NDRC to contain coal prices

0 Comment(s)Print E-mail China Daily, October 30, 2021
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China's top economic regulator said on Friday there is room for further adjustment of coal prices, showing the government's firm determination to regulate the runaway coal prices.

The announcement coincides with fears among some industry circles that there might be a power shortage this winter and spring seasons, although analysts are confident electricity supply will be adequate for heating during the period.

Experts said the coal prices will gradually return to a reasonable range with the help of a series of government measures, including boosting output and cracking down on price gouging and hoarding in the market.

The National Development and Reform Commission on Friday said its recent investigation into all coal-producing provinces and key enterprises showed coal production costs are significantly lower than the current spot coal prices, and there is room to further adjustment to coal prices.

The most-traded thermal coal contract on the Zhengzhou Commodity Exchange, for delivery in January, dropped more than 8 percent in Friday's daytime session, extending a continuous plunge triggered by the government's intervention in the strained energy sector last week.

The contract plunged to 973 yuan ($150) a ton, having fallen more than 50 percent from its record high of 1,982 yuan on Oct. 19.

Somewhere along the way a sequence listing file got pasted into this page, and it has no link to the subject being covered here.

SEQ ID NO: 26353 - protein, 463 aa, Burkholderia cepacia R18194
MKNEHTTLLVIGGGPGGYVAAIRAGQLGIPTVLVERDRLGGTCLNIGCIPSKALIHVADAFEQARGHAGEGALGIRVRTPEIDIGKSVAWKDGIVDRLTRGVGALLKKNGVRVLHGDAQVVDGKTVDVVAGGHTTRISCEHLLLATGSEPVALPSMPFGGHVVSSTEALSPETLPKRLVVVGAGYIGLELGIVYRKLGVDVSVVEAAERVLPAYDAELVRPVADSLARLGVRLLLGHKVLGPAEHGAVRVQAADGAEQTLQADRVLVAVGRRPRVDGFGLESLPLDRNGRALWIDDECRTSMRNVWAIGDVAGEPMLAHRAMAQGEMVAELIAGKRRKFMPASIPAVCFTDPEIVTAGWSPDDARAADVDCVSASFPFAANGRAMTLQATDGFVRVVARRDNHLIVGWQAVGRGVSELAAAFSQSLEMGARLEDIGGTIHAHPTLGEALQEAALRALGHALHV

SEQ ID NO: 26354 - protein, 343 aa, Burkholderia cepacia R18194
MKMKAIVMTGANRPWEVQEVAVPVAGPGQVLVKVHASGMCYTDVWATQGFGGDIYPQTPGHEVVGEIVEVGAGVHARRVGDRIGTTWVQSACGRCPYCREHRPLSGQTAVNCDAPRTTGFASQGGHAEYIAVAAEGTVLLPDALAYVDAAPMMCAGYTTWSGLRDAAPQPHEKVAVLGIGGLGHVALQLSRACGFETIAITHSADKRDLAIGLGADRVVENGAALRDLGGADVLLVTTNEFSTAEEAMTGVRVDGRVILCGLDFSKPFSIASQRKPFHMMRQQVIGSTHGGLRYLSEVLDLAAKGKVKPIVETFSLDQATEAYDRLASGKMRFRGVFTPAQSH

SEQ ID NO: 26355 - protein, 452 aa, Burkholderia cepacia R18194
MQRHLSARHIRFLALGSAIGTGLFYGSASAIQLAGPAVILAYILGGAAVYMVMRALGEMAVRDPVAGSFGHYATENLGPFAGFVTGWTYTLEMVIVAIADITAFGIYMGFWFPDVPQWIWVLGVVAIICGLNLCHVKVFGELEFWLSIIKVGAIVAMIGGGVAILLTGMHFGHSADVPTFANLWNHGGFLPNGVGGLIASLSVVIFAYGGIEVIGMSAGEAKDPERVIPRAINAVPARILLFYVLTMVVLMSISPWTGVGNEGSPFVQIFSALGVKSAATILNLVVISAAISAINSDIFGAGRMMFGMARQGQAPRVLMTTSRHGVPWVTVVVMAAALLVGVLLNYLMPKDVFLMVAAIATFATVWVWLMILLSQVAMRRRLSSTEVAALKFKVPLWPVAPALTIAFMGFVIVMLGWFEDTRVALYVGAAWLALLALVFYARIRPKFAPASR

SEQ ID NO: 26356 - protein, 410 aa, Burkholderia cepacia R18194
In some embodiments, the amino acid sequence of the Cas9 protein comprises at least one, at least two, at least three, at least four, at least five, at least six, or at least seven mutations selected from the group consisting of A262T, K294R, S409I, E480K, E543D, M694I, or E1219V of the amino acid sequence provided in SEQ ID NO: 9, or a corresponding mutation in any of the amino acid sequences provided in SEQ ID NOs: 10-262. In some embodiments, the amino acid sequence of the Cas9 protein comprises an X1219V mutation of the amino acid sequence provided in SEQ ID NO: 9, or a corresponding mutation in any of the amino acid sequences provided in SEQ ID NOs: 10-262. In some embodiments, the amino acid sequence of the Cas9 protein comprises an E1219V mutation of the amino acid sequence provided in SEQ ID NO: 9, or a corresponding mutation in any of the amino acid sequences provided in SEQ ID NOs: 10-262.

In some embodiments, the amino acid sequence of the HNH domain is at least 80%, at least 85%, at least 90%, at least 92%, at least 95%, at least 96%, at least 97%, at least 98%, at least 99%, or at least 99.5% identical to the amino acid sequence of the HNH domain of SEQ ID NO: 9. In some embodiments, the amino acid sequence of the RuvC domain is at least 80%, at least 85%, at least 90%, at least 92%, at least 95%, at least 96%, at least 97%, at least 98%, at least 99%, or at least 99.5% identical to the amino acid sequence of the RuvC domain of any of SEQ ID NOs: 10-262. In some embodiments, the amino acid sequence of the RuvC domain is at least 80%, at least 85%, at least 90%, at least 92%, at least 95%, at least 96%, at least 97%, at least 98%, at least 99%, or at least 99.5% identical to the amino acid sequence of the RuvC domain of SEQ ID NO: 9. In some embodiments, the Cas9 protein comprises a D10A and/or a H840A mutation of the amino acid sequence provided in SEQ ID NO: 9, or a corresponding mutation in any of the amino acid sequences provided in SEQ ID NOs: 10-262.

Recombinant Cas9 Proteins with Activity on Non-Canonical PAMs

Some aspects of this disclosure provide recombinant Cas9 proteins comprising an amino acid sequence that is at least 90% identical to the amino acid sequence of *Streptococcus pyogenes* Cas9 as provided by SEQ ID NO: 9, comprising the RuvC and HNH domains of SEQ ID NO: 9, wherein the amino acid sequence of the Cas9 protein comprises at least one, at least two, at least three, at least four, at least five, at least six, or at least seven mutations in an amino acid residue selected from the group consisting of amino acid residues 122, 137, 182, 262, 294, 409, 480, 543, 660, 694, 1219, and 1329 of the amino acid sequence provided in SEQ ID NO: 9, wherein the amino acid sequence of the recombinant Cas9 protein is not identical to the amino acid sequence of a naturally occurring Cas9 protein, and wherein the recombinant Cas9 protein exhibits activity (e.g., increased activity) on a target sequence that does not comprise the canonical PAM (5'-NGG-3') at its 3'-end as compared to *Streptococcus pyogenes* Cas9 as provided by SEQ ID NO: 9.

Since last week, the NDRC has announced a series of measures to ensure stable supplies and prices of coal, including boosting coal production, working on a pricing mechanism of a base price plus floating price and a crackdown on hoarding and collusion in the market.

NDRC data showed recent average daily coal production increased by over 1.2 million tons, compared with the figure in September.

On Sunday, coal stockpiles at the country's major power plants reached 95.69 million tons, up 17 million tons from the end of September, which are adequate for 17 days of consumption.

A new report released by the China National Coal Association showed the average daily coal production of key coal enterprises reached 6.93 million tons from Oct. 1 to 13, up 4.5 percent month-on-month.

The report said coal companies will ramp up production and boost output, and China's coal production is set to continue to grow in the future.

Song Qinghui, an independent economist, said the rally in coal prices is a result of multiple factors, including insufficient domestic coal production and the rising commodity prices in the global market.

Song said the rising coal prices will increase the costs for manufacturing enterprises and affect the recovery of the economy, and the government's regulation of the market will help stabilize the prices in the future.

Bai Wenxi, chief economist of IPG China, said the government measures to tame rising coal prices will help cool the red-hot market.

Facing a tight coal supply situation and government intervention in the strained energy market, coal companies should strive to boost output while ramping up efforts to reduce costs and increase efficiency, in a bid to spur the sustainable development of the companies, Bai said.

As the rally in coal prices has increased costs for downstream manufacturing enterprises, such companies should take new measures like optimizing the process, innovating in technologies and adjusting product structure to ease fresh pressure on rising costs, Bai said.

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